Community and business leaders are calling for an overhaul of the Age Pension system to allow older Australians to return to work.
Older Australians eager to go back to work shouldn’t be prevented from doing so by a punitive Age Pension system, a leading seniors advocate argues.
National Seniors chief advocate Ian Henschke is urging both major political parties to take a policy to the upcoming federal election to make employment income exempt from the Age Pension income test for pensioners with limited savings.
“If the government exempted work income from the income test for those with limited savings it would boost their income and savings in retirement, and boost the productivity of the nation,” Mr Henschke told The Australian.
Under the current system, pensioners are able to earn up to $300 per fortnight without penalty under the Work Bonus scheme, plus a further $180 under the income test, for a total of $480 per fortnight. Anything earned above the extra $180 reduces pension payments by 50 cents for every dollar earned.
“If you earn more than $240 a week, you lose 50 cents in the dollar,” Mr Henschke says.
“That means a single pensioner can only earn $7800 a year before they start losing their pension.”
This effective 50 per cent tax rate makes it financially unreasonable for many pensioners to return to work.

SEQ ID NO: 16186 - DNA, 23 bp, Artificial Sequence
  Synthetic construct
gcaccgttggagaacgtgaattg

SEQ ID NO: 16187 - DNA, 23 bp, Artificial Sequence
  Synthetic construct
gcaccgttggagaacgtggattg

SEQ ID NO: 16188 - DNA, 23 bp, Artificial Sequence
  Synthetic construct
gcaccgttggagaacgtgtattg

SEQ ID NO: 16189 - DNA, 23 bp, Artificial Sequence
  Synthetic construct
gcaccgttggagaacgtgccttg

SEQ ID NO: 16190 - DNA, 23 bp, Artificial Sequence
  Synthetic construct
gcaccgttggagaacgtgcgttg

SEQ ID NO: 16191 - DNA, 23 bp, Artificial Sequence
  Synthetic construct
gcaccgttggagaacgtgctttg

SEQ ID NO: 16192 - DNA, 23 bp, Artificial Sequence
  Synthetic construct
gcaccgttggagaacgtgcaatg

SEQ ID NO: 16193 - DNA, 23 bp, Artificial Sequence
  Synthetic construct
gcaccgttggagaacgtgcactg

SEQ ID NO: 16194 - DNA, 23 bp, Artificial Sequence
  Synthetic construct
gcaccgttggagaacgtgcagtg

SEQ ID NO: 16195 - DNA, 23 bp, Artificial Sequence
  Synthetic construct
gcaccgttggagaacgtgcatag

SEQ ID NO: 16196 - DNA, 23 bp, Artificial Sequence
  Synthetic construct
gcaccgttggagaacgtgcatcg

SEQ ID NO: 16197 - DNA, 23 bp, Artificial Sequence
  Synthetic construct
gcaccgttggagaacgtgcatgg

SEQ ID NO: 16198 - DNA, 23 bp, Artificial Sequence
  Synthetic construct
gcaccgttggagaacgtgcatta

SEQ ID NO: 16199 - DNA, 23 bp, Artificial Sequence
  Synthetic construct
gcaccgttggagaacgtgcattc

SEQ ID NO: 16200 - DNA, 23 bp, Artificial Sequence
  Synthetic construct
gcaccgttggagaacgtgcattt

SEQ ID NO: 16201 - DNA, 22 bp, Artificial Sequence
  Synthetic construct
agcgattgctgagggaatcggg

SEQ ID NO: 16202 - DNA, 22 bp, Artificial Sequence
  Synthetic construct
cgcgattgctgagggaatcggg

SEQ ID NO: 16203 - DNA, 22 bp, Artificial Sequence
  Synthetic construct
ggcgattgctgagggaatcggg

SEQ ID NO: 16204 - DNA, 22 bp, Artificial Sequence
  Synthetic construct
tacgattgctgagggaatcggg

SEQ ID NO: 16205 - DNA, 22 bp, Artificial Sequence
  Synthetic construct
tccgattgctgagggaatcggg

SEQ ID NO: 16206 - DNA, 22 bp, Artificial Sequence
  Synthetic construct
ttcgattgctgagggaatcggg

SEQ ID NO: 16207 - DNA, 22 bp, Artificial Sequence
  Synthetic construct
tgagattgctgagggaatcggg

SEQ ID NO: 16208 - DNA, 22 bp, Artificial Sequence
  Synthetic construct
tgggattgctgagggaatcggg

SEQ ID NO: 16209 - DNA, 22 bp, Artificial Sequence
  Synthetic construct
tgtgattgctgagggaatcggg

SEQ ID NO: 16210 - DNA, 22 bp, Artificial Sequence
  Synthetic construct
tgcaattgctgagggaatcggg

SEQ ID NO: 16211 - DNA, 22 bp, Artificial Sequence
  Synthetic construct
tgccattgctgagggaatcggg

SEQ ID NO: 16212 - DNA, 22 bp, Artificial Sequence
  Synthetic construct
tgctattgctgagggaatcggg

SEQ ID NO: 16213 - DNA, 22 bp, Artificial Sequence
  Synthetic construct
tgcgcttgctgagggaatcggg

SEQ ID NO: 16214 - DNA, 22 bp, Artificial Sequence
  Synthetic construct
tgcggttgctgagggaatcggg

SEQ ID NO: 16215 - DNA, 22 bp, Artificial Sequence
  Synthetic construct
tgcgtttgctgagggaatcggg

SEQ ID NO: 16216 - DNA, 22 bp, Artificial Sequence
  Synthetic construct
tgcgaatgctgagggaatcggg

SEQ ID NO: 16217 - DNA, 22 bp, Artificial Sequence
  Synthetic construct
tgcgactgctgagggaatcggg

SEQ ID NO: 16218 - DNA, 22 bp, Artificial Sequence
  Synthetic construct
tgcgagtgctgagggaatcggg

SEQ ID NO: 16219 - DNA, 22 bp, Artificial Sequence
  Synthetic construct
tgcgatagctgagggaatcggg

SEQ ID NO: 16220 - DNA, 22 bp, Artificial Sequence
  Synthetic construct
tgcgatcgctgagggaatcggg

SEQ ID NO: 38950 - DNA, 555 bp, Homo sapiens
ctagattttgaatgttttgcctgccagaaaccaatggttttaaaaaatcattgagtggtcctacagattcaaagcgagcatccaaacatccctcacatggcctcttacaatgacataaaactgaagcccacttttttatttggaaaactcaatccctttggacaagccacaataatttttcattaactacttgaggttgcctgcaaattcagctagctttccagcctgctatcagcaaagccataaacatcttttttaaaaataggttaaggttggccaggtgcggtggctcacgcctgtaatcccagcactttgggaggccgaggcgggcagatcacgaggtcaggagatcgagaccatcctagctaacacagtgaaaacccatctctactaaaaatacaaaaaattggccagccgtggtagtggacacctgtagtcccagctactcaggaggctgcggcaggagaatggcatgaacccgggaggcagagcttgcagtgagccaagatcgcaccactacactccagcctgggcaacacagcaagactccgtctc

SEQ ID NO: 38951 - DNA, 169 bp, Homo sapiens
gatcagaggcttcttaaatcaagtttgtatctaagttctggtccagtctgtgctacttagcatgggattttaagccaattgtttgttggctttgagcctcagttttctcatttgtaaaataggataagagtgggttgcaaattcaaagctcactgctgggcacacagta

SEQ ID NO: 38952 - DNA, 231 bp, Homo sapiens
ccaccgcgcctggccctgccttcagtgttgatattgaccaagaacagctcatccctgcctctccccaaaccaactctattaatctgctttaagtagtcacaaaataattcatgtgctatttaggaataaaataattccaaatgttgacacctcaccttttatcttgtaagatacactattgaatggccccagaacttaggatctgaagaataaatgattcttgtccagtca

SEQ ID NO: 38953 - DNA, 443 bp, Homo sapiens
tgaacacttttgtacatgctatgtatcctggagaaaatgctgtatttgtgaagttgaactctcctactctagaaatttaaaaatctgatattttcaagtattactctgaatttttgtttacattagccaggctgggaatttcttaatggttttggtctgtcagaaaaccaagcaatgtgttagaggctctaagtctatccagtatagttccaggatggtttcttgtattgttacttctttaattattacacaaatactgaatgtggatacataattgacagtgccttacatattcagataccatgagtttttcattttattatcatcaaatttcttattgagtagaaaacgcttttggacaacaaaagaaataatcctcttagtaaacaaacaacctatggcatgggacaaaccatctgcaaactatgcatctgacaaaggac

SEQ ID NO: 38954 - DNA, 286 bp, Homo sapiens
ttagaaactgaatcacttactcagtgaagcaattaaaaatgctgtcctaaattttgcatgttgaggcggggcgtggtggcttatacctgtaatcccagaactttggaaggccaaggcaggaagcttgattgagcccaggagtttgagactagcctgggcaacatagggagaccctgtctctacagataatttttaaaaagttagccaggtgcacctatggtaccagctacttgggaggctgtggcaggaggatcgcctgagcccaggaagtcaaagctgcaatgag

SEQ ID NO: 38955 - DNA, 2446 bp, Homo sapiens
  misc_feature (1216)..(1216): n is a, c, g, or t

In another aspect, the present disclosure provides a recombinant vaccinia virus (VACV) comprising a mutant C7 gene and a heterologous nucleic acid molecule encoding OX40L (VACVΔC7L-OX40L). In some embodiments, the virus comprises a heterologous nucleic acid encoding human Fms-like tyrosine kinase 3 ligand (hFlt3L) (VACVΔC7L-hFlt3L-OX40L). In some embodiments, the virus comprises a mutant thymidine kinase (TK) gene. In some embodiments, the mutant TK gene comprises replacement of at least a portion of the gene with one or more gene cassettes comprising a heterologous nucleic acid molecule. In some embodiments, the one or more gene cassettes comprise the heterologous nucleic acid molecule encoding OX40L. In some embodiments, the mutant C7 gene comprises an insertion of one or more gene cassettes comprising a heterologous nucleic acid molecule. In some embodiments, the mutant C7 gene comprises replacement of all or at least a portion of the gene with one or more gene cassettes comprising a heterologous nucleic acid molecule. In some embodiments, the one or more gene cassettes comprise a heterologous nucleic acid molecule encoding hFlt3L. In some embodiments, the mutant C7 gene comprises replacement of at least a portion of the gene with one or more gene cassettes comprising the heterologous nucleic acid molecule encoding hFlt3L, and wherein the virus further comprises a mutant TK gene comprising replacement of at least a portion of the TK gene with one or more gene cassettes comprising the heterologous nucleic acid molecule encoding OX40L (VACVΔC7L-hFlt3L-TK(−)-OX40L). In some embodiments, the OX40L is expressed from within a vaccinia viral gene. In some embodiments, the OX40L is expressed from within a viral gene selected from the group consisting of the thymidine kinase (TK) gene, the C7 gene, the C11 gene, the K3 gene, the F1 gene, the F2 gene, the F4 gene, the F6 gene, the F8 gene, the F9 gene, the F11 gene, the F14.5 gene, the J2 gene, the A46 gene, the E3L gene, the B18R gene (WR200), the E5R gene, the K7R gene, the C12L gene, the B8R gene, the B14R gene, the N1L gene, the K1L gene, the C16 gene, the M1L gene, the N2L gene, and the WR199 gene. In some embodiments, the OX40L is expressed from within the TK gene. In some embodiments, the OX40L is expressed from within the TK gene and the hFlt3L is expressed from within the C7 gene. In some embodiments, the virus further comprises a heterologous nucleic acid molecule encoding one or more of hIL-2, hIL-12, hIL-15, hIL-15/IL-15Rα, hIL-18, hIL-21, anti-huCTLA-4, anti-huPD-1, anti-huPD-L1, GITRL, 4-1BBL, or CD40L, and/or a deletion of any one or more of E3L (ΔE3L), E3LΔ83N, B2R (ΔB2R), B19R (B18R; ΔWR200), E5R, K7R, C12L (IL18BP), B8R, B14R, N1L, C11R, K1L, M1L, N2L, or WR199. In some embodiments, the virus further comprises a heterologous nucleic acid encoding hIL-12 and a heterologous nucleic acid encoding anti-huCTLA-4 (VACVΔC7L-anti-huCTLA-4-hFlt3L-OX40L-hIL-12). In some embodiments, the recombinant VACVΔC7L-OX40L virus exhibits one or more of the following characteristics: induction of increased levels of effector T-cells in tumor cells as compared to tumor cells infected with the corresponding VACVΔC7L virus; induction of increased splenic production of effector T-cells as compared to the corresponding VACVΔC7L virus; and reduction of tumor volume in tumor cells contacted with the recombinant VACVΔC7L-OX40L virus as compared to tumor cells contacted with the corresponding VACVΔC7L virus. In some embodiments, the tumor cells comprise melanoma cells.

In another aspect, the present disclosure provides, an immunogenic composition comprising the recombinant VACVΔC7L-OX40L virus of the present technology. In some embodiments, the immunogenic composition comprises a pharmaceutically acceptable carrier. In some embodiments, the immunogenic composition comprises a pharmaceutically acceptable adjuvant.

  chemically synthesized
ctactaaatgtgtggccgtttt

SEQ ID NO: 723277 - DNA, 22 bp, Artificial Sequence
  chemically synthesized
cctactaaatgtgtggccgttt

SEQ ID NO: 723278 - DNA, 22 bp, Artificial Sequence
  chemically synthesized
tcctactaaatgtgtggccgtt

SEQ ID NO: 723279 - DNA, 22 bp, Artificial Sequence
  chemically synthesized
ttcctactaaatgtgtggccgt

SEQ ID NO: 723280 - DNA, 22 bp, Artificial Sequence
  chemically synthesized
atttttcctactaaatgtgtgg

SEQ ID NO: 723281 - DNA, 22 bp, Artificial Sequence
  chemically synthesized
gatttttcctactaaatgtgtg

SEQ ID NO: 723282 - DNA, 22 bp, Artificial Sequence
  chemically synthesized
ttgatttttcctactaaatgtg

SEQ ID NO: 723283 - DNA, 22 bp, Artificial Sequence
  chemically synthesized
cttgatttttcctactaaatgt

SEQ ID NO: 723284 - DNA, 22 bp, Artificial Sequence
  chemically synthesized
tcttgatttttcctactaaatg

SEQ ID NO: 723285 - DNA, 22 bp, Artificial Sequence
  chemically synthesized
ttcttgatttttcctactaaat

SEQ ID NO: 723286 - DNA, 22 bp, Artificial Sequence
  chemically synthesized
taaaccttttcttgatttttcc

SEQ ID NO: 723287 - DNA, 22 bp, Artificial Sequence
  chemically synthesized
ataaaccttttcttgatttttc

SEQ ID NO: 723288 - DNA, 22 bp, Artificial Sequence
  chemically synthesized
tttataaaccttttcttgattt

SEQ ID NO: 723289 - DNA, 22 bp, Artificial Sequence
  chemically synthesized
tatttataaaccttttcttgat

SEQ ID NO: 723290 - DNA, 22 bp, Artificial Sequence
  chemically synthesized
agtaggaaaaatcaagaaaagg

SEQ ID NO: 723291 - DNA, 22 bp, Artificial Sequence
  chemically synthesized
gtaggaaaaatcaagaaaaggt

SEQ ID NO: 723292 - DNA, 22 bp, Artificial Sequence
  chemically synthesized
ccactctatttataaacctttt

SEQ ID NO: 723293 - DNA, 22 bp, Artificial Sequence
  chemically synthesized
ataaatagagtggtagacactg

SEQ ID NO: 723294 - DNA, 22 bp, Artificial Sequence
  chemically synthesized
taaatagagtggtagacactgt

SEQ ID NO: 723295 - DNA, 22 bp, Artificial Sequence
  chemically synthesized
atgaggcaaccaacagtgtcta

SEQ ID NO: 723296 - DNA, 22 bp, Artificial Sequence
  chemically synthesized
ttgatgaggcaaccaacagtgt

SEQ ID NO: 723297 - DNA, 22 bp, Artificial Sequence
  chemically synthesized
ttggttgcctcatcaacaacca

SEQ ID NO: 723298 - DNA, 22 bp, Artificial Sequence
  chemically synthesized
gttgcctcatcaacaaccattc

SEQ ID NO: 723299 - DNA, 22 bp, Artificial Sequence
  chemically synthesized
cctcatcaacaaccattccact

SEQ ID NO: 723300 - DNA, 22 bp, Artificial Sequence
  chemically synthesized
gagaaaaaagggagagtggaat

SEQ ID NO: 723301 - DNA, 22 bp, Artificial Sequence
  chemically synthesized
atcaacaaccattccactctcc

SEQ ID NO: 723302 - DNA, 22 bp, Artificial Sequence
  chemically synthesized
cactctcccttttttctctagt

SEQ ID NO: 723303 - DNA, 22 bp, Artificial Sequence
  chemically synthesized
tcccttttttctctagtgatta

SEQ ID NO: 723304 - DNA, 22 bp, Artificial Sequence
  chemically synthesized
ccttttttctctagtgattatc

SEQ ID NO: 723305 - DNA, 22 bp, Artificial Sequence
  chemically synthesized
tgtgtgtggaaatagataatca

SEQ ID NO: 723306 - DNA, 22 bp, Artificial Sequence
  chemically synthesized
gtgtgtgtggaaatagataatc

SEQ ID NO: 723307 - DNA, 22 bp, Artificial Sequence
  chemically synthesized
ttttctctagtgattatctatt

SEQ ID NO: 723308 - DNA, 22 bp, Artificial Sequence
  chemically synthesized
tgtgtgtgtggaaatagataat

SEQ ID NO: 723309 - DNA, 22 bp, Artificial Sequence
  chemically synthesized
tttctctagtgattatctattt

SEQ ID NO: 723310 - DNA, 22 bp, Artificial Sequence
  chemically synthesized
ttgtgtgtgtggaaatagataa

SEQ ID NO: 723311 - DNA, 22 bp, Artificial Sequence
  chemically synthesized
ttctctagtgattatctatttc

“There are almost four million retirees, of which 2.6 million receive the pension,” Mr Henschke says.
“If just 5 per cent more chose to work, that would be an army of 130,000 additional workers.”
A report from the Organisation for Economic Cooperation and Development (OECD) found Australia ranks 18th out of 37 developed nations for workforce participation for over-65s with just 14.2 per cent in work.
Compare this with the more than 34.34 per cent of over-65s still working in South Korea, 25.48 per cent in Japan and 24.8 per cent in New Zealand.
Mr Henschke says Australia could learn a lot from our cousins across the ditch, where they do not lose any pension for receiving income from employment.
“In New Zealand, workforce participation among pensioners is a whopping 25 per cent. Here it is less than 3 per cent,” he says.
“Part of the reason for this disparity is that Kiwis don’t lose their pension when they work, they simply pay tax.”
Business groups have welcomed the push to get more older Australians back into work, saying it could help address labour shortages currently being faced across the country.
Andrew McKellar, chief executive of the Australian Chamber of Commerce and Industry, says “there is an army of older workers, ready and willing to return to the workplace. However, skilled aged pension recipients have very little incentive to re-enter the workplace.”
The pandemic has hurt the economy, leaving thousands of local employees in isolation. Border closures have meant the usually steady flow of international workers has been cut off, and there has been talk of a ‘great resignation’.
“In raising the Work Bonus threshold, pensioners would be allowed the opportunity to earn more, while businesses who are struggling to find staff would have access to workers, filling thousands of job vacancies,” Mr McKellar says.
Would you go back to work if the pension penalties were removed? Should the government reform the pension system? Let us know in the comments section below.
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